Letting her eyes rest for a minute, she sternly reminded herself that she must finish the work she was bringing home over the weekend. Her mind wandered to the consequences if she failed: an unsavoury confrontation with her boss; backhanded taunts for weeks and ill-hidden sarcasm staining his sympathy towards her. She shuddered picturing the way the beefy pompous man swaggered his way towards her desk every morning, noon and evening. Not as though I could avoid that even if I did manage to finish my work, she thought as her stomach tied itself into a knot.

The man's smug laughter from earlier that day flooded her mind. He seemed amused at Maya struggling to find an excuse to get out of his proposition to have dinner together on Friday.

    "I actually have this family thing on Friday, so I'm not sure. You know how these family gatherings at the in-laws' can get," Maya had said. "But I'll definitely try," she added.

Maya winced remembering how she turned back to her computer then, away from her boss's eyes who stood towering over her and digging a hole into her blouse. She had readjusted her saree over her chest.

    "You better,' he had said. 'You know what's on the line, don't you? Eid is coming up." He laughed and winked at her.


    "Ey Shahbag, Shahbag, Shahbaaag!" the bus conductor's announcement yanked her back to consciousness. She stood up, rubbing her eyes and fixing her saree. It was still a 10-minute rickshaw ride home from there but stepping down from the bus, she saw that the rain had ceased, just the roads were still wet, interspersed with muddy puddles. She hoped she reached home before her daughter fell asleep though; Thursday nights were movie nights.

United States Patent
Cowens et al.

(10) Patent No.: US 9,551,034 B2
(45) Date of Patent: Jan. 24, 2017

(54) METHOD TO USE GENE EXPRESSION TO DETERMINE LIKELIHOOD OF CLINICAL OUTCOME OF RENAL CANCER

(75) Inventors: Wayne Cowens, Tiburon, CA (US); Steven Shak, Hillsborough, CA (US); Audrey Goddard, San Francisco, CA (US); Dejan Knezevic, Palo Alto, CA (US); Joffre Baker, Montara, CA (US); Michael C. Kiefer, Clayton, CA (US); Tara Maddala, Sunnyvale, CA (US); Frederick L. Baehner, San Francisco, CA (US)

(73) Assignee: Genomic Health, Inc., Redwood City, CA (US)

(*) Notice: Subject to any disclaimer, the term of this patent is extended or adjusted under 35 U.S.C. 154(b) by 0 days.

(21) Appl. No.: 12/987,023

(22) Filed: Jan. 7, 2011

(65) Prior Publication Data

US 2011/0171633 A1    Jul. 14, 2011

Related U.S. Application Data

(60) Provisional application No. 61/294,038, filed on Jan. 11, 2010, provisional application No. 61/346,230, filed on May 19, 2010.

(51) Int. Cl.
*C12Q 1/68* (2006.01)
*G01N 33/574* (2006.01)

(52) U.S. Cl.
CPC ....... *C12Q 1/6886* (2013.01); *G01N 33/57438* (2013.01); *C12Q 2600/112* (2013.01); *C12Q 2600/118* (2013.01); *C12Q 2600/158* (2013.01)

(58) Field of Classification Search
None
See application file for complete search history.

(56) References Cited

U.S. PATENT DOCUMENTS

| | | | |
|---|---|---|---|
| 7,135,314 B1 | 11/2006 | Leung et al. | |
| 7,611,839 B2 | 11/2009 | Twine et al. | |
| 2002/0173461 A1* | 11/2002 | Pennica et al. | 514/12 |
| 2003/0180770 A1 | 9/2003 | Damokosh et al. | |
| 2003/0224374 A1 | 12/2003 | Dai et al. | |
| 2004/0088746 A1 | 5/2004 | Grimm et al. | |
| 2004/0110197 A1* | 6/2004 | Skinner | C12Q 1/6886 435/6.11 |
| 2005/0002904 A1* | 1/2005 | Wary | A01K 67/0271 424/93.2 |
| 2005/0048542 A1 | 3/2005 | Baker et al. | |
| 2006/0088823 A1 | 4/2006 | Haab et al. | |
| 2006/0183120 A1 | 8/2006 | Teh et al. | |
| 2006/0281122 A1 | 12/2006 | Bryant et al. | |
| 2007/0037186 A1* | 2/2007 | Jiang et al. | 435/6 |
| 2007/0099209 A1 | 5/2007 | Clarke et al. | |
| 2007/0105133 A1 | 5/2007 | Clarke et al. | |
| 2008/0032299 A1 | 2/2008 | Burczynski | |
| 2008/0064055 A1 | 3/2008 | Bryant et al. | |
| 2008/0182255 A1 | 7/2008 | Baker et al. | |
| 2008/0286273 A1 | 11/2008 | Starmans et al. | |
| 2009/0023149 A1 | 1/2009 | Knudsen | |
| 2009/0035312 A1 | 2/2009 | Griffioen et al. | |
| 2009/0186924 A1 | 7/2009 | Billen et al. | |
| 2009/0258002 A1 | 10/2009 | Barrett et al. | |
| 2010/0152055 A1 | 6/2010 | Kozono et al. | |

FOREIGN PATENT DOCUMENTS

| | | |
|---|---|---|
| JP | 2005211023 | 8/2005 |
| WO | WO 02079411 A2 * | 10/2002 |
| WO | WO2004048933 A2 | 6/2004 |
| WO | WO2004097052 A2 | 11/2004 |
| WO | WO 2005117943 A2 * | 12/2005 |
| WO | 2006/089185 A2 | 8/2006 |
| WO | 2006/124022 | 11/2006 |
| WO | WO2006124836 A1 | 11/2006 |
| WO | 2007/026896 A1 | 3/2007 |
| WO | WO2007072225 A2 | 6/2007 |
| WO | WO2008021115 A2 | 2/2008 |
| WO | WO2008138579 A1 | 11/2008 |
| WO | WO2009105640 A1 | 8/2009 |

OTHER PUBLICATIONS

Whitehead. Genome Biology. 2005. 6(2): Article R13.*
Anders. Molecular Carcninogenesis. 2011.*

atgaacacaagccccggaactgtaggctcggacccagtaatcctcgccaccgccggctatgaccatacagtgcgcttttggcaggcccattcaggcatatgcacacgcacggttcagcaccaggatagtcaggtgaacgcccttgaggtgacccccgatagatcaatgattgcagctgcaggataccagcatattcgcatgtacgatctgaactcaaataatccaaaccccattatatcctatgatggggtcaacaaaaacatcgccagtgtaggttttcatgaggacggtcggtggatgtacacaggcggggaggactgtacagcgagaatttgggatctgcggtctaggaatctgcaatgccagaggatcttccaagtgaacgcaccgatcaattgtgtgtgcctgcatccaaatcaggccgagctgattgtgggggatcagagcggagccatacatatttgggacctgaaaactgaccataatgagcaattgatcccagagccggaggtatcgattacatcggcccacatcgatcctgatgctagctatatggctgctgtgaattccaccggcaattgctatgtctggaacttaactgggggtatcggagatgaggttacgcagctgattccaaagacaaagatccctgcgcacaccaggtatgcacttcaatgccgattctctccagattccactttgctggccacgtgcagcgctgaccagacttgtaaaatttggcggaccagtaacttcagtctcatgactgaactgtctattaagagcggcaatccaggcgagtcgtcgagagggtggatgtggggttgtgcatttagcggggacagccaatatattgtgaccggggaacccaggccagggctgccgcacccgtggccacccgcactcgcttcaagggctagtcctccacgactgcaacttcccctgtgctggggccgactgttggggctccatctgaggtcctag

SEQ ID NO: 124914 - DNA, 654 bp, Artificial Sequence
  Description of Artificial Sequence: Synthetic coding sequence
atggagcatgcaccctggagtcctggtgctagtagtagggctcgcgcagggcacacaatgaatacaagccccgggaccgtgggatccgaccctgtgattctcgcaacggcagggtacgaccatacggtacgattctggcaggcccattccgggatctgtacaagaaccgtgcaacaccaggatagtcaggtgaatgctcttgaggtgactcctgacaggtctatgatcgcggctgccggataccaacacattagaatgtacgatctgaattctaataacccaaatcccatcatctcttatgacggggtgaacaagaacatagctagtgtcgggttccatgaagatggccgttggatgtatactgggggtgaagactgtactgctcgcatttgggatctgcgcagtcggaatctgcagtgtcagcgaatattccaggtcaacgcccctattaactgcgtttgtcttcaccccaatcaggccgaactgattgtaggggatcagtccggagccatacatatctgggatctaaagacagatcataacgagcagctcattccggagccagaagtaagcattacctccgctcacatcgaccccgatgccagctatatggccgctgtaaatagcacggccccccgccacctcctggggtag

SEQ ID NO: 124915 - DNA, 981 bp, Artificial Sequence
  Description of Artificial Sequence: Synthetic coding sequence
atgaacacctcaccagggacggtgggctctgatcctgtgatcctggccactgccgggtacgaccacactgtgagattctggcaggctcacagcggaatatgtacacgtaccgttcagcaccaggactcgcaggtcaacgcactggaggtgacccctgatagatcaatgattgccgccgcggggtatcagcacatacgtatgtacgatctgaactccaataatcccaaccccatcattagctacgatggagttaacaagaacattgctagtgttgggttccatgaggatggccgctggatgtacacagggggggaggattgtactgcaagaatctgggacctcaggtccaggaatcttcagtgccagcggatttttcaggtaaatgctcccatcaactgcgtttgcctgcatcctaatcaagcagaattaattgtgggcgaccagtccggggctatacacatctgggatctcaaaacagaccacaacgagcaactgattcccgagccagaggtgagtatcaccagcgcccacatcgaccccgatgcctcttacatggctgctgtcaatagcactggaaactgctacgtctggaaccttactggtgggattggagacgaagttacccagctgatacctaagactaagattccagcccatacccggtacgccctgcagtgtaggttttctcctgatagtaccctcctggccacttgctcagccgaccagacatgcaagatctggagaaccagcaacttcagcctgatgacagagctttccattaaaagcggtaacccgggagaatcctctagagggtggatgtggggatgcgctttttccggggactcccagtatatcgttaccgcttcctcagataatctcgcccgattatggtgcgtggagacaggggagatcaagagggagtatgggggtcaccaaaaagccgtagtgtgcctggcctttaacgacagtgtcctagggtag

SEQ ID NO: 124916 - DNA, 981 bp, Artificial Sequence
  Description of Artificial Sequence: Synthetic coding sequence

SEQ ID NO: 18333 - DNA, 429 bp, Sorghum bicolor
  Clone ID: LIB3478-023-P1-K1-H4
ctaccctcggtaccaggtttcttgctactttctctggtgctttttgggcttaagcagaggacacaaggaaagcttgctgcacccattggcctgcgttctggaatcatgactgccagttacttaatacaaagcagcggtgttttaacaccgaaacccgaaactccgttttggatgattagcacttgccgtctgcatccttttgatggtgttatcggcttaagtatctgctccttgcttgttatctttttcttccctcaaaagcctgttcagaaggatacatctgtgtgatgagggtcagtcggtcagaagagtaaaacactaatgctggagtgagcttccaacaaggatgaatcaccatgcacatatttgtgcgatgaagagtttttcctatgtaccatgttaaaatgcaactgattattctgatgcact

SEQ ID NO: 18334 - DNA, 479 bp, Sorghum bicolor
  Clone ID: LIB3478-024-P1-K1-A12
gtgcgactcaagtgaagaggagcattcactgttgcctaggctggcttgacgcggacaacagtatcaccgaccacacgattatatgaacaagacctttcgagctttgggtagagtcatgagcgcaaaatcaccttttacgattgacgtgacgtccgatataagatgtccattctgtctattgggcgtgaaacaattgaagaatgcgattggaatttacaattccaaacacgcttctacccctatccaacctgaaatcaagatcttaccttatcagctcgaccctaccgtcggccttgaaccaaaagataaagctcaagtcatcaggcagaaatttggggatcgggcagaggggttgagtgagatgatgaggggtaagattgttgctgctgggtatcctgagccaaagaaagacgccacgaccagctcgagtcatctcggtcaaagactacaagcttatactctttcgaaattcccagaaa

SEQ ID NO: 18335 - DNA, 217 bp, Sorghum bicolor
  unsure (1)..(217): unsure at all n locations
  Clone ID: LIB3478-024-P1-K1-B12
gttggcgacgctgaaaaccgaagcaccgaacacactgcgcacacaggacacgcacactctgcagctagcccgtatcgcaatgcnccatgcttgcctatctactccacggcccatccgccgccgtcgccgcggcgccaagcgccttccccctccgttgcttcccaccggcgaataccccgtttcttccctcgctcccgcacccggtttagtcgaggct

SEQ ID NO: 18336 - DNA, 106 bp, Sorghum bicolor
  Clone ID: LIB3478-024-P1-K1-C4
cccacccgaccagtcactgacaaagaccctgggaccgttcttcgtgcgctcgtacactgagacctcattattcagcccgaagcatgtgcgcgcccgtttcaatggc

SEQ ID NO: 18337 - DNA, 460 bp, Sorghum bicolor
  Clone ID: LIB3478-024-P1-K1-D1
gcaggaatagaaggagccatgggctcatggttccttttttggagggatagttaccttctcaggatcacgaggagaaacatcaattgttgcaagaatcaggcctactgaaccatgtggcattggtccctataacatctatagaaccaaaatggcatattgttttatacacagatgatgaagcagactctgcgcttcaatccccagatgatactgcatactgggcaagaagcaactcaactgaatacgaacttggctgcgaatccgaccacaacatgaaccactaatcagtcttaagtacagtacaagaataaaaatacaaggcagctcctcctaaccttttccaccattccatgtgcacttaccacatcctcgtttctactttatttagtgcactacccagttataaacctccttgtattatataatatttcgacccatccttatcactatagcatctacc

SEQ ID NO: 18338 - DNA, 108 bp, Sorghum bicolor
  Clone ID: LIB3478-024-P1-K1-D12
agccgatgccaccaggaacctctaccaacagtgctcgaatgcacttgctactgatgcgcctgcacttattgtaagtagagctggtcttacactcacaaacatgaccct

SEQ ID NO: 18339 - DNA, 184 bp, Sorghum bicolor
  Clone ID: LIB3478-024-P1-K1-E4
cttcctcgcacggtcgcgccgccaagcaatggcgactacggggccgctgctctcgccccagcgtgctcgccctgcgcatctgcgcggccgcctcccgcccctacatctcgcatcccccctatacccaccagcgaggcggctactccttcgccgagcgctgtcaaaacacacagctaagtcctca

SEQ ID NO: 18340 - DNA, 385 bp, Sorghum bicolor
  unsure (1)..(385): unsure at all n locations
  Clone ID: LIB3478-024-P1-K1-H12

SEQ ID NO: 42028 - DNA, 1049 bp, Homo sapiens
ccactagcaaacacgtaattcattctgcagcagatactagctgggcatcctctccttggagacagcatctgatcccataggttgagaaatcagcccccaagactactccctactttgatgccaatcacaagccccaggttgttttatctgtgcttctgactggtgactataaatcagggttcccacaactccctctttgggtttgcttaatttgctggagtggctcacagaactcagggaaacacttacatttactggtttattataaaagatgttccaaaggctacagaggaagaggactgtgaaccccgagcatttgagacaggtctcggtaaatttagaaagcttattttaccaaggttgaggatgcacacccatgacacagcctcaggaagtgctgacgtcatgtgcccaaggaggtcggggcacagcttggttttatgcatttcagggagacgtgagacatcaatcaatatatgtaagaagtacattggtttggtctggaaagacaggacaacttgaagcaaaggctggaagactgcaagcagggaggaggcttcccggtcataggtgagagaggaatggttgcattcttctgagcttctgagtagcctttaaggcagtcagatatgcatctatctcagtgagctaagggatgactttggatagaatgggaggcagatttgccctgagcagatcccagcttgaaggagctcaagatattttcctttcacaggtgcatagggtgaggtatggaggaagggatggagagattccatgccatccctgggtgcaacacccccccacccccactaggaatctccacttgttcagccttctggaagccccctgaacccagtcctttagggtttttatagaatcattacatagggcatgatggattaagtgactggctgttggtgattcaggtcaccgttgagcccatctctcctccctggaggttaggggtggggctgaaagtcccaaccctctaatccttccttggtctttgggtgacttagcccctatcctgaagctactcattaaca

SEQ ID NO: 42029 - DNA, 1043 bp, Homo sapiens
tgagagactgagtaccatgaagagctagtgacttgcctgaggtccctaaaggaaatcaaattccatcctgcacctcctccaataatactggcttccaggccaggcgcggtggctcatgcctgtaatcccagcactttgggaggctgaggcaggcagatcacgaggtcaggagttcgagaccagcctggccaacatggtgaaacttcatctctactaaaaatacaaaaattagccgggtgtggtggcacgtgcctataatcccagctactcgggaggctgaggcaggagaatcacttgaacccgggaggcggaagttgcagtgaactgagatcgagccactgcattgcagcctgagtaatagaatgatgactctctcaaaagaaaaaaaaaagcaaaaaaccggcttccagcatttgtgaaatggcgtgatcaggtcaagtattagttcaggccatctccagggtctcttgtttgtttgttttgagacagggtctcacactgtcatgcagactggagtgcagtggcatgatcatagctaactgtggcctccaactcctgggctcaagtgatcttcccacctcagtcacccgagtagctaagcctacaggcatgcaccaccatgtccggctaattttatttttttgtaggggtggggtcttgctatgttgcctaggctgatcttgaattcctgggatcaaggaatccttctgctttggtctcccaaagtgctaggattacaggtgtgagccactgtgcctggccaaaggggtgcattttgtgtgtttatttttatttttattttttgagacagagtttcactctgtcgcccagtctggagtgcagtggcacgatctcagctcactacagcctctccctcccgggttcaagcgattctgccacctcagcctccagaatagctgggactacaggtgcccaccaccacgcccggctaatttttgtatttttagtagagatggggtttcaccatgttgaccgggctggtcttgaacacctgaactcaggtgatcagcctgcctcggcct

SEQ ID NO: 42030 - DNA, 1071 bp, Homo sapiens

Hailing a rickshaw, Maya got in and leaned against its hood. Exhaling deeply, she reminded herself that her day was almost over.

As she entered the rusted iron gates of her apartment, she braced herself to get an earful for being late. Again. But while she climbed the six flights of stairs, there was a familiar rush of excitement, the one she felt every Thursday night. A little heaviness seemed to weigh her limbs down knowing that her mother-in-law would start as soon as she entered through the door and her husband would look away, but it didn't matter. Nothing mattered anymore.

Fixing her saree, she remembered to plaster a smile on her face before ringing the doorbell. Her daughter's eyes would widen as she'd take out the new Lion King DVD, she knew. Maya felt her heart pump warmth through her shivering body; she couldn't help but smile.

An eight year old girl in a yellow dress and two tightly done pigtails opened the door. She was already jumping up and down.

     "Did you bring it, Mommy? Did you briiiing iiiiittt??" Hiya almost yelled with excitement.

Maya grinned and handed the DVD over to her daughter. Seeing her daughter's sparkling eyes, everything else around her disappeared. Her condemning days held no candle to this little girl who sat at home waiting for her mother every night. Her boss's sleazy advances, her in-laws' constant complaints, even her husband's discontent — Maya didn't mind any of it anymore. As long as she did her part and made sure her daughter's innocence remained cradled in fairy tales, as long as she didn't have to grow up in a world like hers, this woman was would to face it all again.

Maisha Syeda is a writer, painter, and a sub-editor at Daily Star Books.


২ ঘণ্টা আগে|রাজনীতি